“I believe,” he purred, stretching it out, “I have found the trod you are looking for.”
We followed Grimalkin to the base of an ancient ruined castle, where shattered pillars and broken gargoyles lay scattered about the courtyard. Bones littered the area as well, poking up through the snow, making me nervous. Puck trailed behind, not speaking to any of us, wrapped in angry silence. I made a promise to talk to him later when he’d cooled down, but for now, I was anxious to get out of Unseelie territory.
“There,” Grimalkin said, nodding to a large stone pillar broken in two. One half rested on the other, forming an arch between them.
There was also a body lying in front of it. A body that was at least twelve feet tall, covered in hides and furs, with blue-white skin and a tangled white beard. It lay sprawled on its back with its face turned away, one meaty hand clutching a stone club.
Ash grimaced. “That’s right,” he muttered as we ducked behind a low stone wall. “Mab leaves her pet giant here to guard the place. Cold Tom doesn’t listen to anyone but the queen.”
I glared at the cat, who looked unconcerned. “You could have mentioned something, Grim. Did you forget that small but ever-so-important detail? Or did you just not see the twelve-foot giant in the middle of the floor?”
Puck, his animosity forgotten, or suppressed, peeked out from behind a boulder. “Looks like its Tom’s nappy time,” he said. “Maybe we can sneak around him.”
Grimalkin regarded each of us in turn and blinked slowly. “In times like these, I am even more grateful that I am a cat.” He sighed, and trotted toward the huge body.
“Grim! Stop!” I hissed after him. “What are you doing?”
The cat ignored me. My heart caught in my throat as he sauntered up to the giant, looking like a fuzzy mouse compared to Tom’s bulk. Gazing up at the body, he twitched his tail, crouched, and leaped onto the giant’s chest.
I stopped breathing, but the giant didn’t move. Perhaps Grimalkin was too light for him to even notice. The cat turned and sat down, curling his tail around his feet and watching us bemusedly.
“Dead,” he called to us. “Quite dead, in fact. You can stop cringing in abject terror if you like. I swear, how you survive with noses like that, I will never know. I could smell his stink a mile away.”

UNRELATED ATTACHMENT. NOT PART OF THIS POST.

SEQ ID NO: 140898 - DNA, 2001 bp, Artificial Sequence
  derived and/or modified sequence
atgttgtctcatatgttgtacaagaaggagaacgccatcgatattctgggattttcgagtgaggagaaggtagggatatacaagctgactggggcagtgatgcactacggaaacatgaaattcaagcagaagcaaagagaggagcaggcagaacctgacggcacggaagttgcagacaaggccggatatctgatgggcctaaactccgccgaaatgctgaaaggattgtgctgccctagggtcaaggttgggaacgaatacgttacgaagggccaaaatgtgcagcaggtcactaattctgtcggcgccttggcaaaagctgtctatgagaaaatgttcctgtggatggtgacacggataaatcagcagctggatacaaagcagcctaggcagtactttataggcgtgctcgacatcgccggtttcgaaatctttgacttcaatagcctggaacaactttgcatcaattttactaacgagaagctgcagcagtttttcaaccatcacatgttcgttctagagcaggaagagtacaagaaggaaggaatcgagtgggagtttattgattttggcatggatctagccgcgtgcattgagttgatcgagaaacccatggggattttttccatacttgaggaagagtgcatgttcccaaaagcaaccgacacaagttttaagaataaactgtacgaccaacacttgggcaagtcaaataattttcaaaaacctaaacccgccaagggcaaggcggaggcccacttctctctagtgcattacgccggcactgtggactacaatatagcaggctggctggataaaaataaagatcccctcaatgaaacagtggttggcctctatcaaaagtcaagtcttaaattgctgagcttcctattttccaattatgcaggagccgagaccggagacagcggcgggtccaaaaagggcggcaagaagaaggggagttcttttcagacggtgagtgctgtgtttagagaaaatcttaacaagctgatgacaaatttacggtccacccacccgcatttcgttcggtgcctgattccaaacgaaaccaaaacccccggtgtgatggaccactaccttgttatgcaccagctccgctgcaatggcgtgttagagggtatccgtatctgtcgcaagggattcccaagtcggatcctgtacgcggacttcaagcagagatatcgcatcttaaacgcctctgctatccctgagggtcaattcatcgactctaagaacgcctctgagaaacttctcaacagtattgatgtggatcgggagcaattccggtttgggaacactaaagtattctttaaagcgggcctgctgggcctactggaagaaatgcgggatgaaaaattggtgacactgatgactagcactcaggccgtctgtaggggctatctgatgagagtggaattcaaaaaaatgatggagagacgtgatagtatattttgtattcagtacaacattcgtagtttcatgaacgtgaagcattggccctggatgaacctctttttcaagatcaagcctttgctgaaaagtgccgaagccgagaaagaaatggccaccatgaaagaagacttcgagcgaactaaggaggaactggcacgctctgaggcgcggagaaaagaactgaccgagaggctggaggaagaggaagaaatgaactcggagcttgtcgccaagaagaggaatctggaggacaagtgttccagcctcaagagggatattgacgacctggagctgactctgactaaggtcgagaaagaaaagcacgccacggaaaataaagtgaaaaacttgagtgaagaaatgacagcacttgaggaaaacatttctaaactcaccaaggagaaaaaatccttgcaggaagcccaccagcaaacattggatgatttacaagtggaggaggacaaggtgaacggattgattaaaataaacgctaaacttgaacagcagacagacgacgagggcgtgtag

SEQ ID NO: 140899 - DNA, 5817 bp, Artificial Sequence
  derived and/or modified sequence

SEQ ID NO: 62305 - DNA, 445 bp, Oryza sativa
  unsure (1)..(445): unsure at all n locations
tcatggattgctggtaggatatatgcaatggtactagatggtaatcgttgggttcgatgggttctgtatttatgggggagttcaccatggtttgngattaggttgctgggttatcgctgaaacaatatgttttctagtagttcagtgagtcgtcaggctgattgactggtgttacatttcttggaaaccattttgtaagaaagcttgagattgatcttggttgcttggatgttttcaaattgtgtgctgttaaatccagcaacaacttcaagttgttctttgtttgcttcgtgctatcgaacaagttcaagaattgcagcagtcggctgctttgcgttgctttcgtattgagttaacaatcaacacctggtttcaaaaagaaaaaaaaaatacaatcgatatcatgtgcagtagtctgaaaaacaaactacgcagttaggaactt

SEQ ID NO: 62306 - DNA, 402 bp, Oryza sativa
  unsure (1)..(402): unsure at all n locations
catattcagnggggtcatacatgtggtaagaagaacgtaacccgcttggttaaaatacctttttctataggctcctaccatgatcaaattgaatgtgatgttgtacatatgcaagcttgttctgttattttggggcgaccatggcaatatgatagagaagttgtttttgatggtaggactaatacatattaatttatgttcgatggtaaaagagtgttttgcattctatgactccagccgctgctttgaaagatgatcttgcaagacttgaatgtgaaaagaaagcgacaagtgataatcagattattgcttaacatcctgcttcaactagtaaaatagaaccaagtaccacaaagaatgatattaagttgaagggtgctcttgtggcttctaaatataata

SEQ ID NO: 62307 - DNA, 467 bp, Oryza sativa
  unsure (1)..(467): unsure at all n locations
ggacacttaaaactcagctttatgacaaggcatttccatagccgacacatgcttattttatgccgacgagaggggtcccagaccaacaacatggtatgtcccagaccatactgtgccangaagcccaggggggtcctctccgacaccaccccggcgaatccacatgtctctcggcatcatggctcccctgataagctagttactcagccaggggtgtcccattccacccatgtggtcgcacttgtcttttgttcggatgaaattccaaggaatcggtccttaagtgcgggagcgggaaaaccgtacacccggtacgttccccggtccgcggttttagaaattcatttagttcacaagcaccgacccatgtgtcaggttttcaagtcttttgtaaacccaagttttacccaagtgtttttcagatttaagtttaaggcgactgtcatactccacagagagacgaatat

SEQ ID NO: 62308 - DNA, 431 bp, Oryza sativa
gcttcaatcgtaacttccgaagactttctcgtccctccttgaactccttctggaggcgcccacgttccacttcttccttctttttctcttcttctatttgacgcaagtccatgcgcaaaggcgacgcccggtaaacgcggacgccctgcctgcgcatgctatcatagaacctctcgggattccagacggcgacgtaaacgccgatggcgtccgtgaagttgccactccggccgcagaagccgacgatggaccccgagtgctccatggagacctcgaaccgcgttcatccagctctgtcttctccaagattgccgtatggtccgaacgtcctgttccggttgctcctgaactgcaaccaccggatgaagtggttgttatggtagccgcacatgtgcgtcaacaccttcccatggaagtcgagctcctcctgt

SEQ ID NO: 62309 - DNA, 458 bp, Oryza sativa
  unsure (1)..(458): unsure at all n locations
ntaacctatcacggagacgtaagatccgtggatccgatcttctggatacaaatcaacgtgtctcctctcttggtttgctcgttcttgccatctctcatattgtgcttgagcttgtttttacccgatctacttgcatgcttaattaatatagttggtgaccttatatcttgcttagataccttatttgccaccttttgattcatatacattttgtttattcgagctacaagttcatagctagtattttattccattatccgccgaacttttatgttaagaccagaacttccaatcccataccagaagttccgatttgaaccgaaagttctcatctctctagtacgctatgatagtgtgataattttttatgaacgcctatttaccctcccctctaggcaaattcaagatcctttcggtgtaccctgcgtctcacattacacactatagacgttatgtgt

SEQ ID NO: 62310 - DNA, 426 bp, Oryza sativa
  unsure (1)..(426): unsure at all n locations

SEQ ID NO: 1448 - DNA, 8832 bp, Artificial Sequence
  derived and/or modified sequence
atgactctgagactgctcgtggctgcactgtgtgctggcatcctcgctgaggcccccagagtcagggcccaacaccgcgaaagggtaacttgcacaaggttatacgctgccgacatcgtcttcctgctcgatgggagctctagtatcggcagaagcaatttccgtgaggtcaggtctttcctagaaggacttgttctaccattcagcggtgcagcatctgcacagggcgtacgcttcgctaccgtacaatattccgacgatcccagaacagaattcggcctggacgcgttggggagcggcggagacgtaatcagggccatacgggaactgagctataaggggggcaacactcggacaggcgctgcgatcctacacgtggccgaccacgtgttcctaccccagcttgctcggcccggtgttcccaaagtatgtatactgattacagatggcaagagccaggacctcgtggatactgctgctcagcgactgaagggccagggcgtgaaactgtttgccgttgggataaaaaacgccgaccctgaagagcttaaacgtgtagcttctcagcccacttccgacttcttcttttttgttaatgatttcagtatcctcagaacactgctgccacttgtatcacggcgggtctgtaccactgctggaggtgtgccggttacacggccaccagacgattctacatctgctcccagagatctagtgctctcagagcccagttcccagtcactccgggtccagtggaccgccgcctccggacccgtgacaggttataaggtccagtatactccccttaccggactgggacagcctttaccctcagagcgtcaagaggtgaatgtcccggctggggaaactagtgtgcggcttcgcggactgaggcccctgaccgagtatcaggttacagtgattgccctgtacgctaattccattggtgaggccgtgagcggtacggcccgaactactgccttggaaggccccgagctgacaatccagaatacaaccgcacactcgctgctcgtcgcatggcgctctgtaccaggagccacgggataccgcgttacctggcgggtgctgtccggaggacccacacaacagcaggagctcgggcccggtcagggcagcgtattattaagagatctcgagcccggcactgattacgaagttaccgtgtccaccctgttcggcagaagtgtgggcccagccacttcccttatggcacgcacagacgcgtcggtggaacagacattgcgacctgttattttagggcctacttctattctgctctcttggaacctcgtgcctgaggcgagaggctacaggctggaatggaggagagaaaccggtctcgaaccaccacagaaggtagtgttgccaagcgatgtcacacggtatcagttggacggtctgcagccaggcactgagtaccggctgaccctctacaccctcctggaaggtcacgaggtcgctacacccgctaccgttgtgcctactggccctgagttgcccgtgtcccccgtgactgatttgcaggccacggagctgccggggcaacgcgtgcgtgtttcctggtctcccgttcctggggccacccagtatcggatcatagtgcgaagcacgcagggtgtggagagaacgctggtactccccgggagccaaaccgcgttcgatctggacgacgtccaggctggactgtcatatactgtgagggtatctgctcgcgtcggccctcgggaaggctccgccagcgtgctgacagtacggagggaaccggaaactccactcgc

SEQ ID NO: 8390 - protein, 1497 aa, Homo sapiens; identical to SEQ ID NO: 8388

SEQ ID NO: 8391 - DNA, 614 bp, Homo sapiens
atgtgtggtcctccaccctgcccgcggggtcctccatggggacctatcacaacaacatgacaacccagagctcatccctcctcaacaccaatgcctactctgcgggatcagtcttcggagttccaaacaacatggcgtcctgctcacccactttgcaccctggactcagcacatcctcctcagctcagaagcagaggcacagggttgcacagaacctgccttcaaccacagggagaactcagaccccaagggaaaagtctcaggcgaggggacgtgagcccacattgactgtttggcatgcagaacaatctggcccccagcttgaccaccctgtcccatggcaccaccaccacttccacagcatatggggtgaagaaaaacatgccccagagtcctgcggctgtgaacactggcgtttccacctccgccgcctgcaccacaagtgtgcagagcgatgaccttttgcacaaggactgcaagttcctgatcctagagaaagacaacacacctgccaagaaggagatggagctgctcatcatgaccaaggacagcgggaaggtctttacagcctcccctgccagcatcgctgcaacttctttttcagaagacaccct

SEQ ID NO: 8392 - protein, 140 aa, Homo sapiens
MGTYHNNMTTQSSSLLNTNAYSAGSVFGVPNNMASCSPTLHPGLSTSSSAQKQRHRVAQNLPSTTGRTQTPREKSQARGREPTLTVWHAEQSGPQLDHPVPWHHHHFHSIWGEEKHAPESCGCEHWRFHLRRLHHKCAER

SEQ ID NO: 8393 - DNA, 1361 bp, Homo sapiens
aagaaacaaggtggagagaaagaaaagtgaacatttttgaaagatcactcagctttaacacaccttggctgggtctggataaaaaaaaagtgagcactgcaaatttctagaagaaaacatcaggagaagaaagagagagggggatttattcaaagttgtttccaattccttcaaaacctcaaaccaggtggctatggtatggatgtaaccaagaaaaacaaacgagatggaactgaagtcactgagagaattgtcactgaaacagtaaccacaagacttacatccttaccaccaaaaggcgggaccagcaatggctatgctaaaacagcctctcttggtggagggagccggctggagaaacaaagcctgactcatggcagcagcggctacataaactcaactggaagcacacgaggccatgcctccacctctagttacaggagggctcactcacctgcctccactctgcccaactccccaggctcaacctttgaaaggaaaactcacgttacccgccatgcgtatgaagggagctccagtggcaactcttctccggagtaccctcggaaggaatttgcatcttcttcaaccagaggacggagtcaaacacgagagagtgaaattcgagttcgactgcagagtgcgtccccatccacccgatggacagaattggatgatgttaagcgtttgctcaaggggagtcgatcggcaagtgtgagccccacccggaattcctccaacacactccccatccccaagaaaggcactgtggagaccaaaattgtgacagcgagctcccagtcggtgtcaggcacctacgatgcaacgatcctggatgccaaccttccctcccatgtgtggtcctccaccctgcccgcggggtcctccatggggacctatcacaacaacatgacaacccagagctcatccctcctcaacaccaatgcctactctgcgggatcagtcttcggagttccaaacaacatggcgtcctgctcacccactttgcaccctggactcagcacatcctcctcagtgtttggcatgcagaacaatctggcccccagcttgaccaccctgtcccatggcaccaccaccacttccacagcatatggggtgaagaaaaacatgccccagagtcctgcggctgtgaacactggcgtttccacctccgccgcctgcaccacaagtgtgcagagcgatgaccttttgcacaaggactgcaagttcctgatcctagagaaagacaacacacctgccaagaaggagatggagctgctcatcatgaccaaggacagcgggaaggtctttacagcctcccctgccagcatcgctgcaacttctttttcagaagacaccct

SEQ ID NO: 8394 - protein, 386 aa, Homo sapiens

“He’s dead?” Ash immediately walked forward, brow furrowing. “Strange. Cold Tom was one of the strongest in his clan. How did he die?”
Grimalkin yawned. “Perhaps he ate something that disagreed with him.”
I edged forward cautiously. Maybe I’d watched too many horror flicks, but I almost expected the “dead” giant to open his eyes and take a swing at us. “What does it matter?” I called to Ash, still keeping a careful eye on the body. “If it’s dead, then we can get out of here without having to fight the thing.”
“You know nothing,” Ash replied. His gaze swept over the corpse, eyes narrowed. “This giant was strong, one of the strongest. Something killed him, within our territory. I want to know what could’ve taken Cold Tom down like this.”
I was close to the giant’s head now, close enough to see the blank, bulging eyes, the gray tongue lolling partway out of his mouth. Blue veins stood out around his eye sockets and in his neck. Whatever killed him, it wasn’t quick.
Then a metal spider crawled out of his mouth.
I screamed and leaped back. Puck and Ash rushed to my side as the huge arachnid skittered away, over Tom’s face and up a wall. Ash drew his sword, but Puck gave a shout and hurled a rock at it. The stone hit the spider dead on; with a flash of sparks the bug plummeted to the ground, landing with a metallic clink on the flagstones.
We approached cautiously, Ash with his sword drawn, Puck with a good-size rock. But the insect thing lay broken and motionless on the ground, almost smashed in two. Up close, it looked less spidery and more like those face-hugger things from Aliens, except it was made of metal. Gingerly, I picked it up by its whiplike tail.
“What is that?” Ash muttered. For once, the unflappable fey sounded almost…terrified. “Another of Machina’s iron fey?”
Something clicked in my head. “It’s a bug,” I whispered. The boys gave me puzzled frowns, and I plunged on. “Ironhorse, gremlins, bugs—it’s starting to make sense to me now.” I whirled on Puck, who blinked and stepped back. “Puck, didn’t you tell me once that the fey were born from the dreams of mortals?”
“Yeah?” Puck said, not getting it.
“Well, what if these things—” I jiggled the metal insect “—are born from different dreams? Dreams of technology, and progress? Dreams of science? What if the pursuit of ideas that once seemed impossible—flight, steam engines, the Worldwide Web—gave birth to a whole different species of faery? Mankind has made huge leaps in technology over the past hundred years. And with each success, we’ve kept reaching—dreaming—for more. These iron fey could be the result.”
Puck blanched, and Ash looked incredibly disturbed. “If that’s true,” he murmured, his gray eyes darkening like thunderclouds, “then all fey could be in danger. Not just the Seelie and Unseelie Courts. The Nevernever itself would be affected, the entire fey world.”
Puck nodded, looking more serious than I’d ever seen. “This is a war,” he said, locking gazes with Ash. “If the Iron King is killing the guardians of the trods, he must be planning to invade. We have to find Machina and destroy him. Perhaps he’s the heart of these iron fey. If we kill him, his followers could scatter.”